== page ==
Design architect: Deborah Berke Partners, New York City.
Architect of record: Alan Weiskopf, Perfido Weiskopf Wagstaff + Goettel, Pittsburgh.
The 21c Museum Hotel Cincinnati is a contemporary art museum, 156-room boutique hotel, restaurant, spa, and rooftop bar in the heart of downtown Cincinnati.
The first full-service hotel to open in downtown Cincinnati in 28 years, 21c restored the historic 11-story Metropole building, preserving its original architectural character and complementing it with contemporary art and design. Within the 150,000-square-foot (14,000 sq m) project, 8,000 square feet (743 sq m) are devoted to the 21c museum, which houses curated exhibitions of 21st-century art, multimedia installations, and cultural programming. The museum is open to the public around the clock, every day.
Born of a desire to integrate contemporary art into everyday life, the 21c Museum Hotel concept debuted in the founders’ hometown of Louisville, Kentucky, in 2006. Developed with like-minded local partners, 21c Museum Hotel Cincinnati opened as the brand’s second property in 2012.
Laura Lee Brown and Steve Wilson, the creative forces behind 21c Museum Hotels, conceived 21c, in part, as a community restoration project aimed at revitalizing Louisville’s cultural center. With the goal of engaging the public with art in a new way, they converted vacant buildings into an interactive museum, a boutique hotel, and a restaurant. While the development was not typical of a traditional hotel or museum, the approach was deliberate, and grounded in the belief that art could drive commerce.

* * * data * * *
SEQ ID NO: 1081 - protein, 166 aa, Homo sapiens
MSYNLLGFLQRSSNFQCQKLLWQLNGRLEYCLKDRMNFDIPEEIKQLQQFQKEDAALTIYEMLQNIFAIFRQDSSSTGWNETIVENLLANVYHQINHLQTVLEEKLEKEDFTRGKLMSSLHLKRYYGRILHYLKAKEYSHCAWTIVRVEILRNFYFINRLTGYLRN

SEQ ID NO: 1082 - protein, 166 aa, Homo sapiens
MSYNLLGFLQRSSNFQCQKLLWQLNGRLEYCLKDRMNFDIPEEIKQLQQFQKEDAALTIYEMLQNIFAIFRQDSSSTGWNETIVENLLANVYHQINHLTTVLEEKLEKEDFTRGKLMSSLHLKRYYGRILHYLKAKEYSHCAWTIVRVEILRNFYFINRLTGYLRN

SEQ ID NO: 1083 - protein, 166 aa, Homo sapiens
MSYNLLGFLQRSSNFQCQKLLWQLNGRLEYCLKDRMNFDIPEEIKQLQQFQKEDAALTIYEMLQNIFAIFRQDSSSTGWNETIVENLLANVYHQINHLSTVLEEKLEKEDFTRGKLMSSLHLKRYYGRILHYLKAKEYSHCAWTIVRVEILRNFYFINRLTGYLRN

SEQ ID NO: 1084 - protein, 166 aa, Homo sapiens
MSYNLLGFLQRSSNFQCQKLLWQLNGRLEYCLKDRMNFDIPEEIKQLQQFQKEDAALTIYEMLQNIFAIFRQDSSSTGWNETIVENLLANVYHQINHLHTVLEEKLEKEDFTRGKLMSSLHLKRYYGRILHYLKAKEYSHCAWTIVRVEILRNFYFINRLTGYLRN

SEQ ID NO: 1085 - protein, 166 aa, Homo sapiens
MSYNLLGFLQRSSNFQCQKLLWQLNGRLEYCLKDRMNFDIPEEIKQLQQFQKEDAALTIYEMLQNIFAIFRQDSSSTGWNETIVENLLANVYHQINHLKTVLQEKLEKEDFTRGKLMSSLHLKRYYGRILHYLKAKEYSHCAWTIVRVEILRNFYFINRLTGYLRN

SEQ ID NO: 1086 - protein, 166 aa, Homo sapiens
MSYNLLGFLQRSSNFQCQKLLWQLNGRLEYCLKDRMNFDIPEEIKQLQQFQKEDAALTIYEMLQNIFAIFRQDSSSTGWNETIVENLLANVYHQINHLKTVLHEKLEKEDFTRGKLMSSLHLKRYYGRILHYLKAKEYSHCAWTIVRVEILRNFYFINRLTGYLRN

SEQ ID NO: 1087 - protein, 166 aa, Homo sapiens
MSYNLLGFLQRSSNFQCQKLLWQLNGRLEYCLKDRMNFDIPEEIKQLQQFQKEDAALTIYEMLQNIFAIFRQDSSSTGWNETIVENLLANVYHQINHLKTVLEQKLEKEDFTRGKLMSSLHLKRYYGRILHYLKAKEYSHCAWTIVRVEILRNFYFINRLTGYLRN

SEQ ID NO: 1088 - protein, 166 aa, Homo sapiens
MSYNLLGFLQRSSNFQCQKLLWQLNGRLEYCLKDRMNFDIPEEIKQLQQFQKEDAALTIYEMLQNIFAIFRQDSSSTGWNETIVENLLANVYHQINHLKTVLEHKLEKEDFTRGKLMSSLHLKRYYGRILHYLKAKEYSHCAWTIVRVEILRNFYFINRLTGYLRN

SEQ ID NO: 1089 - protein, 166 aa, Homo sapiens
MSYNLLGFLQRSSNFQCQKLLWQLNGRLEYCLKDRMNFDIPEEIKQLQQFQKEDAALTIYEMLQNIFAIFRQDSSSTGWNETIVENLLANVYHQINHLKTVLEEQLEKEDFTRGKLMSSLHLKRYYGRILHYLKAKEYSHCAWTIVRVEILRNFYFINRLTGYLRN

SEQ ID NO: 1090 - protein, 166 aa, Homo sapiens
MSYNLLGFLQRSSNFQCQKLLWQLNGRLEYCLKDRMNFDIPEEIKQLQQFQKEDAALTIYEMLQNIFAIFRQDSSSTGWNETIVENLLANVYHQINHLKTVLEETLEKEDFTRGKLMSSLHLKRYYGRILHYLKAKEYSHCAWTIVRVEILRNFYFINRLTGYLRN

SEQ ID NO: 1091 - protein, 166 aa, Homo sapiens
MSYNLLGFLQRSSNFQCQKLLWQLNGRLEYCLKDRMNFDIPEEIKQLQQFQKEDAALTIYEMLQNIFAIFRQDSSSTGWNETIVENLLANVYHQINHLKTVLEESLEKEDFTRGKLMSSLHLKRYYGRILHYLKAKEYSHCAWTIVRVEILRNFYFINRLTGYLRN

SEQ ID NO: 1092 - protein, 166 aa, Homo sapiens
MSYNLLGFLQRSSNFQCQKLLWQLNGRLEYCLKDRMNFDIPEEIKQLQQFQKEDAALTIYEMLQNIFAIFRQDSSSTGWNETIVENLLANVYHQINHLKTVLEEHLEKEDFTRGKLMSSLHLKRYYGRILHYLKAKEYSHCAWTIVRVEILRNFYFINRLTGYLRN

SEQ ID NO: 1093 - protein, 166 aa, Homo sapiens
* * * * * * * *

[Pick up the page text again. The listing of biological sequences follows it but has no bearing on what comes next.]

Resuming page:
The 21c Museum Hotel Cincinnati is a key link in the city’s ambitious redevelopment plans. The concept was ideally suited to the Metropole building, located in the heart of the Backstage District, across from the Aronoff Center for the Arts and next to the Zaha Hadid–designed Lois and Richard Rosenthal Center for Contemporary Art.
Listed on the National Register of Historic Places, the Metropole building opened in 1912 as the grand Metropole Hotel, and in 1971 it was converted to federally subsidized apartments. Operating under a consent decree that mandated the presence of an offduty police officer, the property was accessible only to residents and approved visitors. The building became a leading downtown residential address for police calls, recording nearly 200 calls in 2008 as well as 13 on-site arrests. In 2009, a local nonprofit development organization, Cincinnati Center City Development Corporation (3CDC), acquired the building for the purpose of revitalization, provided counseled relocation services to remaining tenants, and helped facilitate subsequent purchase by 21c.
The $51 million project overcame significant market challenges with use of a public/ private partnership, leveraging $24 million in federal, state, and local incentives, including historic tax credits, new markets tax credits, a city grant, and tax increment financing, as well as traditional debt, and equity invested by the developer. It was seeded in a public/private partnership with 3CDC. In addition, 21c partnered with outreach organizations, including the Urban League, Cincinnati Works, Cincinnati COOKS!, and the YWCA, to host four job fairs to fill many of the 160 new permanent jobs created by the development.